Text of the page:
Closed Caption; Stunning new high-definition transfer; Presented in 16 x 9 widescreen (2.35:1); New 5.1 Surround English audio; Audio commentary by director John Sturges and the cast & crew; Trivia track; "The Great Escape: The Untold Story" documentary; "The Real Virgil Hilts: A Man Called Jones" documentary; Five featurettes: "Return to the Great Escape," "Bringing Fact to Fiction," "Preparations for Freedom," "The Flight to Freedom," and "A Standing Ovation"; Photo gallery; Original theatrical trailer

Cast & Crew

Performance Credits
Steve McQueen "Cooler King" Hilts
James Garner "The Scrounger" Hendley
Richard Attenborough "Big X" Bartlett
James Donald Senior Officer Ramsey
Charles Bronson Danny Velinski
James Coburn "The Manufacturer" Sedgwick
David McCallum Ashley-Pitt "Dispersal"
Donald Pleasence "The Forger" Blythe
Gordon Jackson MacDonald "Intelligence"
John Leyton Willie "Tunnel King"
Angus Lennie "The Mole" Ives
Nigel Stock Cavendish "The Surveyor"
Jud Taylor Goff
William Russell Sorren
Robert Desmond "The Tailor" Griffith
Tom Adams Nimmo
Lawrence Montaigne Haynes
Hannes Messemer Von Lugar "The Kommandant"
Robert Graf Werner "The Ferret"
Harry Riebauer Strachwitz
Hans Reiser Kuhn
Robert Freitag Posen
Heinz Weiss Kramer
Til Kiwe Frick
Ulrich Beiger Preissen
George Mikell Dietrich
Karl Otto Alberty Steinach

Technical Credits
John Sturges Director,Producer
Elmer Bernstein Score Composer
W.R. Burnett Screenwriter
Fernando Carrere Art Director
James Clavell Screenwriter
Bud Ekins Stunts
Daniel L. Fapp Cinematographer
Bert Henrikson Costumes/Costume Designer
Emile LaVigne Makeup
Jack N. Reddish Asst. Director
Ferris Webster Editor

Scene Index

Side #1 -- Feature Film
1. Main Title [2:37]
2. The New Arrivals [3:21]
3. A Little Bit of Russian [4:43]
4. The Blind Spot [1:20]
5. In the Cooler [6:21]
6. Prisoner Bartlett [:22]
7. Big X's Big Plan [3:23]
8. Tom, Dick and Harry [2:16]
9. Forger and Scrounger [1:32]
10. Stealing Some Steel [3:39]
11. Under a Stove, in a Drain [1:03]
12. "I'm a Lifeguard" [2:35]
13. Bad Time for a Blitz [3:26]
14. "Come All Ye Faithful" [:11]
15. Chocolate and Cigarettes [3:34]
16. Poor, Mixed-Up Werner [1:51]
17. More Wood! [:38]
18. Moonshine Revolution [2:20]
19. "They Found Tom!" [1:34]
20. Blind and Claustrophobic [2:11]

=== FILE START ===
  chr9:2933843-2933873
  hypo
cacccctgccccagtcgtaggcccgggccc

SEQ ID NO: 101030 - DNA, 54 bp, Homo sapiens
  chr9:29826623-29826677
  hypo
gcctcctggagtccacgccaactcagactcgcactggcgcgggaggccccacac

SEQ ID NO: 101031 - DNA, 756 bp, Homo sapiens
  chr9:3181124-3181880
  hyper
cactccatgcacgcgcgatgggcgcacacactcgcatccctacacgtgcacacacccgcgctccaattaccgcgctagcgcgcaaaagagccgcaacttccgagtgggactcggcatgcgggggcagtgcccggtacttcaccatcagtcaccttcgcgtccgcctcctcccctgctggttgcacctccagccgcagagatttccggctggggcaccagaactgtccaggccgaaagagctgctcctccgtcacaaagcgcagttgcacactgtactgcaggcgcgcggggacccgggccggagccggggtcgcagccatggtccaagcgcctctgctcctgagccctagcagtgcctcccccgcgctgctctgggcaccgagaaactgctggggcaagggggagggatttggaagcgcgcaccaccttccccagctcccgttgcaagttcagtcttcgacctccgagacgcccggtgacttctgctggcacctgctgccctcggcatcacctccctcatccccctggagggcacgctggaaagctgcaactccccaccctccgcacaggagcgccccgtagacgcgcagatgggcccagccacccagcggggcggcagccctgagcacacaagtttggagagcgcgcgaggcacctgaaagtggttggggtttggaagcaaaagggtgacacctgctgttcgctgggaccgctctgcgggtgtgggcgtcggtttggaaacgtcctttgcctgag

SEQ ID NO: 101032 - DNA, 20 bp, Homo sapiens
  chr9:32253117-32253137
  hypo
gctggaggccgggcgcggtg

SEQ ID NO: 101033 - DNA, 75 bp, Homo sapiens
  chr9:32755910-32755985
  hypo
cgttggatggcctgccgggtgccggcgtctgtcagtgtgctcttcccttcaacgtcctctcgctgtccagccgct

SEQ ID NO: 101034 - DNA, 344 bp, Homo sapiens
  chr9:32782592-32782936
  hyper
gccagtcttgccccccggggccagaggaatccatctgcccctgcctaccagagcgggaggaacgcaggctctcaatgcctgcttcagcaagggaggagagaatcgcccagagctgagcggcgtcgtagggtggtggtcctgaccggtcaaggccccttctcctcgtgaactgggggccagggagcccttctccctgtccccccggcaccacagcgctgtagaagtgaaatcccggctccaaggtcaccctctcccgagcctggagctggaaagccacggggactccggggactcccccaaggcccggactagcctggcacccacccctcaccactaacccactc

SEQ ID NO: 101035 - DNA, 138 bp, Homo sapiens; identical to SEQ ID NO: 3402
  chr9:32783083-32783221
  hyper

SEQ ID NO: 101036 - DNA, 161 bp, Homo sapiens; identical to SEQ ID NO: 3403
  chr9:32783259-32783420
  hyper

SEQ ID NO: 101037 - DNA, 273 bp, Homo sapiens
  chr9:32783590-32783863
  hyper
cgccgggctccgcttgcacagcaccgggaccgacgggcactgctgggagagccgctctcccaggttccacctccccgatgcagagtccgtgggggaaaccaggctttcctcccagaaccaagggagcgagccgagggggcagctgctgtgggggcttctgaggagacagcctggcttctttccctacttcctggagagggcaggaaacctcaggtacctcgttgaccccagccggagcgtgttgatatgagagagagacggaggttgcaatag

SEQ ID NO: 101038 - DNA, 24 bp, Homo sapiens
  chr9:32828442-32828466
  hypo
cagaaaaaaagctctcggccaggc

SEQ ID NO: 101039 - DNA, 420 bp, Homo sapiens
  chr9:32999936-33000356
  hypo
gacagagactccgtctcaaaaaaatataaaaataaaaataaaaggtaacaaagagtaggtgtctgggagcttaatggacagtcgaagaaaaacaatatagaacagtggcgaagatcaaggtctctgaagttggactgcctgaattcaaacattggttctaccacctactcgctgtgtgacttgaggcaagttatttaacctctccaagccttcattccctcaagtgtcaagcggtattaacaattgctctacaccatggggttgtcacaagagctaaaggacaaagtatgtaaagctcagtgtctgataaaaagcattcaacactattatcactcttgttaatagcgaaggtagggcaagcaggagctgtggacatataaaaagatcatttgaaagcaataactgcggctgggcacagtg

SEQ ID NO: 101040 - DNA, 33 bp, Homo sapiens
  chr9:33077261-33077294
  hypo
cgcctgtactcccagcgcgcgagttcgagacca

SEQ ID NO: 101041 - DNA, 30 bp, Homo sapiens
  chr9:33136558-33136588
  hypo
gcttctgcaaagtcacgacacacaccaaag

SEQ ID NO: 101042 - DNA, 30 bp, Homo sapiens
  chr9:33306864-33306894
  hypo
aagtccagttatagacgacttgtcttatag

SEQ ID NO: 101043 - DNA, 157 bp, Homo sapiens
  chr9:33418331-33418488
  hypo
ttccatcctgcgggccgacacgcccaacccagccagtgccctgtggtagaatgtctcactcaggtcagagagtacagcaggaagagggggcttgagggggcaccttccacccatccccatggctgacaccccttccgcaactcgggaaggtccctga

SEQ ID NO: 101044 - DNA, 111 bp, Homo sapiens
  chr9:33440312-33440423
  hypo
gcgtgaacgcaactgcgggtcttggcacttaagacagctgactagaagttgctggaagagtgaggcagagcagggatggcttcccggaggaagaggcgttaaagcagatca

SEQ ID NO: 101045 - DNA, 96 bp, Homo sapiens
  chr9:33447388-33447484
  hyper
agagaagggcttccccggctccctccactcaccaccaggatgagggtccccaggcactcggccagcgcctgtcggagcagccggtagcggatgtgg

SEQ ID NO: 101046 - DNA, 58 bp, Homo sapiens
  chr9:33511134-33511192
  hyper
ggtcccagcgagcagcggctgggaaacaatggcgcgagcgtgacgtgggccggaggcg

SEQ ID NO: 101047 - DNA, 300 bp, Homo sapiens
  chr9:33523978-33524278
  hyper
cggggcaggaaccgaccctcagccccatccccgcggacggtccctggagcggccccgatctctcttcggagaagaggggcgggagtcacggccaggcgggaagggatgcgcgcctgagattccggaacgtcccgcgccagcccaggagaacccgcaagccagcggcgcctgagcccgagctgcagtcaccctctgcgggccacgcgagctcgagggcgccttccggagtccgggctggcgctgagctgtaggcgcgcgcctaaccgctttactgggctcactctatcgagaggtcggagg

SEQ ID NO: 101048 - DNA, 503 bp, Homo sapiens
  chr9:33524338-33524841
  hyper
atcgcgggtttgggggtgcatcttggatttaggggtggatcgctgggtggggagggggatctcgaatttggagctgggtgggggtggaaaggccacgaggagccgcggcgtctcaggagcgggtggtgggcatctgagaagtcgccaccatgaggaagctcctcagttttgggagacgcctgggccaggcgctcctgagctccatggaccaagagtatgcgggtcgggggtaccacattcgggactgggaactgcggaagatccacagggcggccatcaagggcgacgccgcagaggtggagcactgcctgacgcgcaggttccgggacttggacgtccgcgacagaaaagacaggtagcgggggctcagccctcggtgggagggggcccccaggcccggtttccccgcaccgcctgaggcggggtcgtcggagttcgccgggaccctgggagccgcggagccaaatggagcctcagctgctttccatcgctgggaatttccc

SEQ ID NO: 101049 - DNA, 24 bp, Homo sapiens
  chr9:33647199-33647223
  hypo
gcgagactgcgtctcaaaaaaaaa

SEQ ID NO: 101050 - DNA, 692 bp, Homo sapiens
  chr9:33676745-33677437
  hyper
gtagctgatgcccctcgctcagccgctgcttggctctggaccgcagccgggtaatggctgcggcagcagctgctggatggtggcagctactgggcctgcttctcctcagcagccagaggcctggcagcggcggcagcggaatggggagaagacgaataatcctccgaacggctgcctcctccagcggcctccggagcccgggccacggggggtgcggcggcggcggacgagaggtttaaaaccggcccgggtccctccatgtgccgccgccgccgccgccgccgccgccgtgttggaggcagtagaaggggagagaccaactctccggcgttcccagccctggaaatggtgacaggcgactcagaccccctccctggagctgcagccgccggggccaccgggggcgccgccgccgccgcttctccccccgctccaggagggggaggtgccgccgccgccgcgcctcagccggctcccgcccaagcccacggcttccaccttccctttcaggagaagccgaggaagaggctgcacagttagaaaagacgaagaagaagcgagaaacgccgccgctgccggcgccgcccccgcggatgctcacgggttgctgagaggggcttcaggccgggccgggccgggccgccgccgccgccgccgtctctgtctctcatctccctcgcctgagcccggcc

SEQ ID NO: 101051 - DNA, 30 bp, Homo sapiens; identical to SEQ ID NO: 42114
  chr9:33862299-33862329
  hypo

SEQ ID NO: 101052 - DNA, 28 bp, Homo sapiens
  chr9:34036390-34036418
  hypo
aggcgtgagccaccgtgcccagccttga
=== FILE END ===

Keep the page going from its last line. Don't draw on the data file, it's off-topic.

21. Time to Go [6:18]
22. Twenty Feet Short [1:18]
23. "Don't Shoot!" [1:21]
24. Riding Without a License [4:04]
25. Fatal Identity Check [5:59]
26. Flying Blind [2:07]
27. Crash-Landing [1:58]
28. Motorbike Chase [2:23]
29. The Usual... With Lead [3:09]
30. Last Stop [3:01]
31. The Lucky One [4:43]
32. End Credits [1:14]

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The Great Escape 4.9 out of 5 based on 0 ratings. 9 reviews.
Guest More than 1 year ago
I found this DVD in my stocking this year. Santa must know that I like war movies and this is a great one. The plot is intense and makes your pulse race from the opening shot. The most fun part is seeing ALL of the tremendous actors who are part of this film: James Garner, Charles Bronson, and all those British guys you know their faces, but not their names. I find it odd that Steve McQueen is given top billing. It seems to me that he had more of a cameo or walk-on than a starring role. Watch the documentary and you'll know why. I can't beleive that this movie was to be shot in California! This movie would not have been half as good if it had not been shot in Europe. The Polish set is amazing! It just goes to show that ''they don't make em' like they used to''.
Guest More than 1 year ago
While McQueen's character is more or less a composite, the basic story of Tom, Dick and Harry at Stalag Luft III is true. My father was a ''penguin'', one of many POWs who assisted in the real life escape plot, and he still bears the scars of his captivity today. ''The Great Escape'' is one of his favorite movies, too.
Guest More than 1 year ago
The Great Escape is a must for all war movie lovers. Hey it's a must for all movie lovers. About 300 POWs find themselves in a camp which is filed 'escape-proof'. The Nazi's put all of their most troublesome escape artists in one camp, or as the commandant puts it ''All of the rotten eggs in one basket.'' Well let me tell you, these men are not going to stand by quietly and sit out the war as comfortablely as possible, as the commandant puts it. They are going to dig! And they don't plan to take out three or a dozen, how about more like 200. Based on a true story, the Great Escape is a wonderful movie for all. With the escape exactly as it happened in real life, it will keep you gripping the arms of your chair. Oh, and don't forget the awesome motorcycle chase with Steve McQueen. With great music by Elmer Bernstein, and great actors like Steve McQueen, Richard Attenborough, James Garner, Charles Bronson, James Coburn and many more, you can't afford to miss this movie. Made with just the right amount of laughter and action, it's a movie that you will cherish forever.